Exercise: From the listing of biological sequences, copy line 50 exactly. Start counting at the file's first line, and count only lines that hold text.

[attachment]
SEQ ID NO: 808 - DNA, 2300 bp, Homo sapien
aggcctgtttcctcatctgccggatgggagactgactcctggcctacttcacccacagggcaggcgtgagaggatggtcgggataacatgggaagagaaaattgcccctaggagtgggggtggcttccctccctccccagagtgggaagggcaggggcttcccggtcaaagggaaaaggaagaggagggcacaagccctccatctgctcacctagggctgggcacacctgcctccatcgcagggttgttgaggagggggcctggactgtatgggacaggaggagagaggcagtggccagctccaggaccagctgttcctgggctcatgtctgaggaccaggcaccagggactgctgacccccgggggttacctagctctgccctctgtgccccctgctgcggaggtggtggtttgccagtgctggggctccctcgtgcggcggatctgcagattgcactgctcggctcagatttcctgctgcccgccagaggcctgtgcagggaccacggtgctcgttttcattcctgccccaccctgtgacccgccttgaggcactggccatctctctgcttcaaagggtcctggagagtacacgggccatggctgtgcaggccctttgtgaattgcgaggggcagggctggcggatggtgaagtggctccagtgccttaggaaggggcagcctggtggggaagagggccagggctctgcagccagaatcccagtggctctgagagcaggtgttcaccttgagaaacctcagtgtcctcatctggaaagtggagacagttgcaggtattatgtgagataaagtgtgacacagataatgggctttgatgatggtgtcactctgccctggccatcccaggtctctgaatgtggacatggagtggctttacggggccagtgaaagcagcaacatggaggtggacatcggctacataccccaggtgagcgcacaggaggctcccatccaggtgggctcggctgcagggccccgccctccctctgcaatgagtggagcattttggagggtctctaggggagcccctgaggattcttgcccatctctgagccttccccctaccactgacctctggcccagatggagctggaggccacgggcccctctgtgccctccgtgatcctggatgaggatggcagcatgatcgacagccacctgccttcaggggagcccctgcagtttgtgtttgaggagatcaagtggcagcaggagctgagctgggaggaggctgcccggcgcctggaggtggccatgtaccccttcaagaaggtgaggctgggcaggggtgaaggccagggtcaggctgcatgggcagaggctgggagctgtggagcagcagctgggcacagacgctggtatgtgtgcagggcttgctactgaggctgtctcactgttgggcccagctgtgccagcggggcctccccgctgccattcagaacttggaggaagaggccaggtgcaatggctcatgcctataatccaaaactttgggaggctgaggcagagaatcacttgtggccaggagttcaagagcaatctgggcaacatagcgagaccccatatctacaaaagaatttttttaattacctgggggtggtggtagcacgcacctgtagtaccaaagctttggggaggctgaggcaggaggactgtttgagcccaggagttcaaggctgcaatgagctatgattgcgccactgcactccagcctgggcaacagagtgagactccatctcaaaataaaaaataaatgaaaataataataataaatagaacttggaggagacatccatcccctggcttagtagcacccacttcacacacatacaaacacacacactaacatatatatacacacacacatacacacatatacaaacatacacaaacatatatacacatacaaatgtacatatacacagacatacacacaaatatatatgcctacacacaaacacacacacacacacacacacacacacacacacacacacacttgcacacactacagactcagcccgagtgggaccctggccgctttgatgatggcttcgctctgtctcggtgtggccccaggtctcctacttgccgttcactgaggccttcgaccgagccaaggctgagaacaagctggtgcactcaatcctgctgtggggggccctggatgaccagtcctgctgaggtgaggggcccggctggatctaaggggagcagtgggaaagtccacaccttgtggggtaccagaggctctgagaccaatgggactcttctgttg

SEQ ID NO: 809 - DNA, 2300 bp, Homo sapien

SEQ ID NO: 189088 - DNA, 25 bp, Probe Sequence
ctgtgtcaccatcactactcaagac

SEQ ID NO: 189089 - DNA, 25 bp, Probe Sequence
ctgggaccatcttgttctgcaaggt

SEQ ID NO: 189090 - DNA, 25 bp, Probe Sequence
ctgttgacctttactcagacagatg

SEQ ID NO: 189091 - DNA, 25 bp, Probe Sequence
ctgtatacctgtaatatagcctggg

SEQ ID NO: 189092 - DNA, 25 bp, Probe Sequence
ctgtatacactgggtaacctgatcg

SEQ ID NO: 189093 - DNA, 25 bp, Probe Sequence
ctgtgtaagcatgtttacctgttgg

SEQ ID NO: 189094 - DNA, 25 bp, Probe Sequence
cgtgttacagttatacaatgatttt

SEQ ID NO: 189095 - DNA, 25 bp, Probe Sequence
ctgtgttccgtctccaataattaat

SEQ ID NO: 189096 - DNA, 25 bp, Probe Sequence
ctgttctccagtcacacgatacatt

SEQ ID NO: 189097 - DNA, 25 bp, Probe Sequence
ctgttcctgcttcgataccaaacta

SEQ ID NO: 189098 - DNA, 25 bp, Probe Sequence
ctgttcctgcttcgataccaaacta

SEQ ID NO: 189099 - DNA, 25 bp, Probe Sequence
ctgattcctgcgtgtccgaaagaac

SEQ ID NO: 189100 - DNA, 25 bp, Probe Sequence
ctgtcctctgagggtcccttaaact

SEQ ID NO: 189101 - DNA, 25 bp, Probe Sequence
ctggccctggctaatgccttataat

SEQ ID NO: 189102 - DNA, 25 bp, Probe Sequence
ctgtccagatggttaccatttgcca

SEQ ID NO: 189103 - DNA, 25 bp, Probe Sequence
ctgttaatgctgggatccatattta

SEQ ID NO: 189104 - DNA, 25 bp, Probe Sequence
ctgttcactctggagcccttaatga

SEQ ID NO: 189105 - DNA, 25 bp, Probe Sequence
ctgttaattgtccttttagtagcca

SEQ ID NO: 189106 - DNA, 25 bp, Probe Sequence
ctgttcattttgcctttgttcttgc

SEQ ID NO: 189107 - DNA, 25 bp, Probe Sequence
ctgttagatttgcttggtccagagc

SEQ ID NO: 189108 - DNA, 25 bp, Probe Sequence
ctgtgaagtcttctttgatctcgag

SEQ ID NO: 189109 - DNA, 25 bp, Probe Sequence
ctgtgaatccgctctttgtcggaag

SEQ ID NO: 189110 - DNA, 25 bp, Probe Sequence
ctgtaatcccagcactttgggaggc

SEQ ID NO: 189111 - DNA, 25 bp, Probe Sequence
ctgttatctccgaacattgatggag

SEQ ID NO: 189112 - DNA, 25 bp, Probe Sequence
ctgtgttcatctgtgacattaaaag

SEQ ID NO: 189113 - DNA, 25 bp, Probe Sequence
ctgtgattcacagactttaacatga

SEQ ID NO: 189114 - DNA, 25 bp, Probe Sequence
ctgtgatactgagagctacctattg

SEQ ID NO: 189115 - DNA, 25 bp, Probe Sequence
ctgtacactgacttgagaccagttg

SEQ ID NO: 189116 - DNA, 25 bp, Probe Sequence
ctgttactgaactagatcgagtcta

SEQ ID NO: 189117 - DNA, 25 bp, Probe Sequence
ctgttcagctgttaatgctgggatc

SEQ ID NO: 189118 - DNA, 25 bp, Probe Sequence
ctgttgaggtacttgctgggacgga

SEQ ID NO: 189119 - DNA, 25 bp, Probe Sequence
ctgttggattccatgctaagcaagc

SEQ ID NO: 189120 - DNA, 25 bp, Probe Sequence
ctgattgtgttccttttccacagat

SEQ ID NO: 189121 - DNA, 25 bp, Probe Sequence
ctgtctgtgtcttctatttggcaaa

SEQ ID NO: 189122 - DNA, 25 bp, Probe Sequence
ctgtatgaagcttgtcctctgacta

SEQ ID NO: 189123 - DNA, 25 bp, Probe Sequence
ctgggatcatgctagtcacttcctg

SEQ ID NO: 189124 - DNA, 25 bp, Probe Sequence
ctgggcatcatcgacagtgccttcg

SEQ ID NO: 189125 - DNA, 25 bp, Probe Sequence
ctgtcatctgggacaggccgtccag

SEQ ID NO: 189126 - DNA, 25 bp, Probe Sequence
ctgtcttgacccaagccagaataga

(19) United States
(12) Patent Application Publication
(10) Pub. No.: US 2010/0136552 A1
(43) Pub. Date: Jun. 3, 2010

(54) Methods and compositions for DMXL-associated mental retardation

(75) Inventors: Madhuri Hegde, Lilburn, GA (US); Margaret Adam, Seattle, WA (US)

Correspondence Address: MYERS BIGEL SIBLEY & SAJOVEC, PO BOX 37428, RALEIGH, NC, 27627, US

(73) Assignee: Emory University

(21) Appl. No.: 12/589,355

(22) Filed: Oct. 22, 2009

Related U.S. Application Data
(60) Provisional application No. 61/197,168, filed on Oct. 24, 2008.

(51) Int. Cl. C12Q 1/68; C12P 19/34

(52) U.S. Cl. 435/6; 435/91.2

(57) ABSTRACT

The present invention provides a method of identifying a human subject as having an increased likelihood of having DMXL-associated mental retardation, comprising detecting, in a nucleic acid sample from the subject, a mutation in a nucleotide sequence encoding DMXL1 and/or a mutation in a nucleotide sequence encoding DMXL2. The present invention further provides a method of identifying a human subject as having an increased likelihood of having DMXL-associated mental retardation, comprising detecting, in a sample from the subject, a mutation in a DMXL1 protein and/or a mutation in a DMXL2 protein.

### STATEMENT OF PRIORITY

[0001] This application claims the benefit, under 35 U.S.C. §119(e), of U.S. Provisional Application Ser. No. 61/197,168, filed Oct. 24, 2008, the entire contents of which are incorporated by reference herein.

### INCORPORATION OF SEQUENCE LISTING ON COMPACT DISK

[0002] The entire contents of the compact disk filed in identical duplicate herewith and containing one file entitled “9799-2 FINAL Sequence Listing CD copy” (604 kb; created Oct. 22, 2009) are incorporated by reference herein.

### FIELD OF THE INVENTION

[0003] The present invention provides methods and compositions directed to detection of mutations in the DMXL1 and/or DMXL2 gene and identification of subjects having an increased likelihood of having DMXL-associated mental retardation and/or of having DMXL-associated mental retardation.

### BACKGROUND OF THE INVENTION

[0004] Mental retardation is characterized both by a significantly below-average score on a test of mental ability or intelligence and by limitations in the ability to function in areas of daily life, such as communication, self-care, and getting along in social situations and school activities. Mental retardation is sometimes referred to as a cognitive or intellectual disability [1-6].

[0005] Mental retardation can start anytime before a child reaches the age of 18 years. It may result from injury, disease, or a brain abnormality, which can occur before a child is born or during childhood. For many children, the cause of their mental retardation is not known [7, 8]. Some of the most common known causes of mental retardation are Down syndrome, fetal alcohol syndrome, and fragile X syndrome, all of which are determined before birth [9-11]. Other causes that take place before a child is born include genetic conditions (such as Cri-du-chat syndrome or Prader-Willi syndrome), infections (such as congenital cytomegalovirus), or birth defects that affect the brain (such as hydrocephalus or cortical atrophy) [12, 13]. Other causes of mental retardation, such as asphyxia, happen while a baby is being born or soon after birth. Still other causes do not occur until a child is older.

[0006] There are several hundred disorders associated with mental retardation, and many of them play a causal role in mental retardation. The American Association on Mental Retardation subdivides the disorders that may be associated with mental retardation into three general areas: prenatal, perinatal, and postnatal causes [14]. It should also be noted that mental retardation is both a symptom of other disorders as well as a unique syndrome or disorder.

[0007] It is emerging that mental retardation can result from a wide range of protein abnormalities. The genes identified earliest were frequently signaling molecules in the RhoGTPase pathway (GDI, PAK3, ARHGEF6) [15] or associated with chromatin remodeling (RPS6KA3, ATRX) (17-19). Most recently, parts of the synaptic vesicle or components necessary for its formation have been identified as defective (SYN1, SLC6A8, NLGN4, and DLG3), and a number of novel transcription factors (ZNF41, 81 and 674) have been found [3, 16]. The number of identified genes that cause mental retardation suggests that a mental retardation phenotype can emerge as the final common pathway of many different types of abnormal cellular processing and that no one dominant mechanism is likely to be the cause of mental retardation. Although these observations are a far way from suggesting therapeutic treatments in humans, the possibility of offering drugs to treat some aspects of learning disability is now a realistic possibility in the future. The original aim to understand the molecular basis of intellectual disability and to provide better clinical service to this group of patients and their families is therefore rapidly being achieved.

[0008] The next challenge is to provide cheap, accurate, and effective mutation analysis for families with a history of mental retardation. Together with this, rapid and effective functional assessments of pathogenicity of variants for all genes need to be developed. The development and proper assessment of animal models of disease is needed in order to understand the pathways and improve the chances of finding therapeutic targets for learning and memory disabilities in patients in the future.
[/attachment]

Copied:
SEQ ID NO: 189111 - DNA, 25 bp, Probe Sequence